"This work started out as idle play," Tom Phillips writes of A Humument in his book Works, Texts, to 1974. He offers similar versions of this explanatory history of the conception and execution of A Humument elsewhere: for example, in the long discussion which follows A Humument in its 1980 trade edition.
"I had read an interview with William Burroughs in the Paris Review (Fall 1965) and, as a result had played with the 'cut-up' technique, making my own variant (the column-edge poem) from current copies of the New Statesman. It seemed a good idea to push these semi-aleatoric devices into more ambitious service.
"I made a rule that the first (coherent) book that I could find for threepence (i.e. one and a quarter new pence) would serve."
On a "routine" Saturday walk with his friend, the American artist R.B. Kitaj, Phillips found, for exactly threepence, a copy of W.H. Mallock's 1892 novel, A Human Document. This book seemed likely to serve for the project he had begun to form and, in late 1966, Phillips began to work on it. At first he "merely scored out unwanted words with pen and ink."
"It was not long before the possibility became apparent of making a synthesis of word and image, the two intertwined as in a mediaeval miniature; this more comprehensive approach called for a widening of the technique to be used and of the range of visual imagery. Thus painting (in acrylic gouache) became the basic technique, with some pages still executed in pen and ink only, some involving typing and some using collaged fragments from other parts of the book (since a rule had grown up that no extraneous material should be imported into the work)."
The heroes of Mallock's novel, Robert Grenville and Irma Schilizzi, both retained roles in Phillips's treatment of the work. But Phillips also added a new major character, Bill Toge, who could appear only when Mallock had written the words "together" or "altogether" on a page. These are the only two words from which this characters surname can be constructed.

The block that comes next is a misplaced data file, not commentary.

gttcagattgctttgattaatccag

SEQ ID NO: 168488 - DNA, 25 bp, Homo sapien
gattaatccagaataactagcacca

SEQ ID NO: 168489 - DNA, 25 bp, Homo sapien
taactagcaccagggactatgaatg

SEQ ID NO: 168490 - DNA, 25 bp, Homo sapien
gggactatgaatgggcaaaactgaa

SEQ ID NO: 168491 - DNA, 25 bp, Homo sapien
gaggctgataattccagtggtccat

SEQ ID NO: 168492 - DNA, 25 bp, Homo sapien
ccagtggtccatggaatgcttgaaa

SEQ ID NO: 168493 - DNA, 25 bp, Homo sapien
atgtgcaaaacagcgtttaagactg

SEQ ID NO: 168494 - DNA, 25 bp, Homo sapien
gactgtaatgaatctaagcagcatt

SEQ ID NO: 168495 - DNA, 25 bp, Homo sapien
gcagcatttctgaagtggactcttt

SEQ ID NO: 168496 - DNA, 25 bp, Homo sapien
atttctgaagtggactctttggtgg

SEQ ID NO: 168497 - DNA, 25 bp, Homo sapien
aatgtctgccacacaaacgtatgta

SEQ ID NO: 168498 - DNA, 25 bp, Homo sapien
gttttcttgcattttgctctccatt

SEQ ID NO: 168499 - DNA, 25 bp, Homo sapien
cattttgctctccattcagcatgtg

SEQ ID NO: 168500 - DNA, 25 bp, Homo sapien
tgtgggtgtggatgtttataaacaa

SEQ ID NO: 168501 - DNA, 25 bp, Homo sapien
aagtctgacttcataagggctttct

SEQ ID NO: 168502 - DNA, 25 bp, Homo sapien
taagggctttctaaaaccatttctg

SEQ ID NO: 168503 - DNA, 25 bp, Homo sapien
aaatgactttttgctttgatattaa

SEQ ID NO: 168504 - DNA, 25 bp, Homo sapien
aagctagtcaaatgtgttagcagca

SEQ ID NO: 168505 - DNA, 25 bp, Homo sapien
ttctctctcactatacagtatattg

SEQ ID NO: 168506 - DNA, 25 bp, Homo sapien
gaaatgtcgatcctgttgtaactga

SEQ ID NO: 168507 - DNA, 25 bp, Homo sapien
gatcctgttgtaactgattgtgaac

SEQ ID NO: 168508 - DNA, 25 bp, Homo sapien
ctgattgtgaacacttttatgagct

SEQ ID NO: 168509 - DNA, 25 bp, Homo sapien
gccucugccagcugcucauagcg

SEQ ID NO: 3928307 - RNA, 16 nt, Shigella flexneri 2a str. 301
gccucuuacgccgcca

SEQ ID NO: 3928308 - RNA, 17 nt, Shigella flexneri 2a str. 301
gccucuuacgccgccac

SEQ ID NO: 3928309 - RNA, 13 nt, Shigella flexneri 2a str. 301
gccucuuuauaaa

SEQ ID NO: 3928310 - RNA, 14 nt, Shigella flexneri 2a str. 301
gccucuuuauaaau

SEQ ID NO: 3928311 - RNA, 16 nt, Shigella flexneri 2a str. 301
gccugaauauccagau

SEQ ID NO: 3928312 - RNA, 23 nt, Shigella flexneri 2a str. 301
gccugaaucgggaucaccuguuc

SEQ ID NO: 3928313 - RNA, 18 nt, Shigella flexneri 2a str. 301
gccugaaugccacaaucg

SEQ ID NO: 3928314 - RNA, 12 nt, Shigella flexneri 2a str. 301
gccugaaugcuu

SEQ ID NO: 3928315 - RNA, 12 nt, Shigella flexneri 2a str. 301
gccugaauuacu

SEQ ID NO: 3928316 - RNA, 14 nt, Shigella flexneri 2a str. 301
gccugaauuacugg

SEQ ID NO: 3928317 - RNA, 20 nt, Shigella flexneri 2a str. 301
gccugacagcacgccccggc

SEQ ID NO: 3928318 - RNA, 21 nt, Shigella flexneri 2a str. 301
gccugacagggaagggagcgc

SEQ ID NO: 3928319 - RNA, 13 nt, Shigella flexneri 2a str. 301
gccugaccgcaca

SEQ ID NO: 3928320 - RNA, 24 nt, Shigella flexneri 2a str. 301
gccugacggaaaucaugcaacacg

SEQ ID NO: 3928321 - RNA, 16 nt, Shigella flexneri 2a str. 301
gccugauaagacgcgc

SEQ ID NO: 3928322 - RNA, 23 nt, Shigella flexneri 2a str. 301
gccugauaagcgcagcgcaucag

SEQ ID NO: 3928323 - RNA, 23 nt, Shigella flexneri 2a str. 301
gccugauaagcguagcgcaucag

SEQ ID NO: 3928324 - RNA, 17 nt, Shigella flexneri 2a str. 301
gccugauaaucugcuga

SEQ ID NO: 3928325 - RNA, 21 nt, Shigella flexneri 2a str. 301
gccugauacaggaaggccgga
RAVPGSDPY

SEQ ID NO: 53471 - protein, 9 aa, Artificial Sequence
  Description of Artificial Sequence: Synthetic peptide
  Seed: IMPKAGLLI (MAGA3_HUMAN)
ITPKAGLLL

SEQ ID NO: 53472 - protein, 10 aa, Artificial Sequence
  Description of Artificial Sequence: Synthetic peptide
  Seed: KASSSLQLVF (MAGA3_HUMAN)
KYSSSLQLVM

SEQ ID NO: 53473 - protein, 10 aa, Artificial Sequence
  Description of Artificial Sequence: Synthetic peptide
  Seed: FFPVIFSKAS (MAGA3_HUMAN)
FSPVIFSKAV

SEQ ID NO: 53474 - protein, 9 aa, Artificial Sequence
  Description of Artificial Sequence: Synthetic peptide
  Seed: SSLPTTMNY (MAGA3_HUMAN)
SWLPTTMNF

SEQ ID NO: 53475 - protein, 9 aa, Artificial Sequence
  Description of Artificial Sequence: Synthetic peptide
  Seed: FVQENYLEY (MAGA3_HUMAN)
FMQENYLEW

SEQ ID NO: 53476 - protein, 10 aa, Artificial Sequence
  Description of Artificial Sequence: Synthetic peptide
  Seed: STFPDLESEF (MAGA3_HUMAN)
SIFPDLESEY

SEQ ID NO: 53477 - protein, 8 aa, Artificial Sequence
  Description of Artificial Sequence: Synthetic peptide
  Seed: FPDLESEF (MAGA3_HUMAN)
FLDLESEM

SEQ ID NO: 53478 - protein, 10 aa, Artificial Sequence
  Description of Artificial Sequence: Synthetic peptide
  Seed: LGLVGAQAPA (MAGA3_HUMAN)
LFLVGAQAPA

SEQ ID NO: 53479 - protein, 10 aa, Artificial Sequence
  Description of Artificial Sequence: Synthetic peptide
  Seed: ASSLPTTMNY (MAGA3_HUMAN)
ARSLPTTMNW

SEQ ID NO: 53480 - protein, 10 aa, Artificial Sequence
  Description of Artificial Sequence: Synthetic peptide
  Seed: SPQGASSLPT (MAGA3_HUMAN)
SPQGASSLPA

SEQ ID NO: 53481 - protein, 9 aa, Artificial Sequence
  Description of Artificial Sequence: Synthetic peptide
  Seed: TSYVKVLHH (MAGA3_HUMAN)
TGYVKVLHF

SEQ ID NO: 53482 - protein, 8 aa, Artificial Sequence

The story of Bill Toge, Phillips writes, is related to the commonplace Renaissance neoplatonic tale of "the Progress of Love" and has deliberate parallels with Francesco Colonna's Hypnerotomachia Poliphili (Venice: Aldus Manutius, 1499). Elsewhere, Phillips notes the influence of medieval manuscripts. In fact, A Humument is self-consciously an anthology of the entire history of the book, especially the illustrated book, from the medieval manuscript through the early printed book to the experimental and avant-garde book of recent vintage. Phillips himself called it "a paradoxical embodiment of Mallarme's idea that everything in the world exists in order to end up as a book".
Phillips' emphasises the role of chance when ever he tells the tale of the creation of this book. He selected Mallock's novel for treatment, he repeatedly writes, only because it fit his sole major criterion: price. Its found nature seems to suit the new text and images Phillips found, re-envisioned, and then re-presented, all of which had lain embedded within the words already present on Mallock's pages. In an entry in his notebook for 1966, Phillips called A Humument a "personal I Ching." Together with Phillips emphasis on chance and the found nature of his art, that phrase locates him within one significant stream of the modernist aesthetic.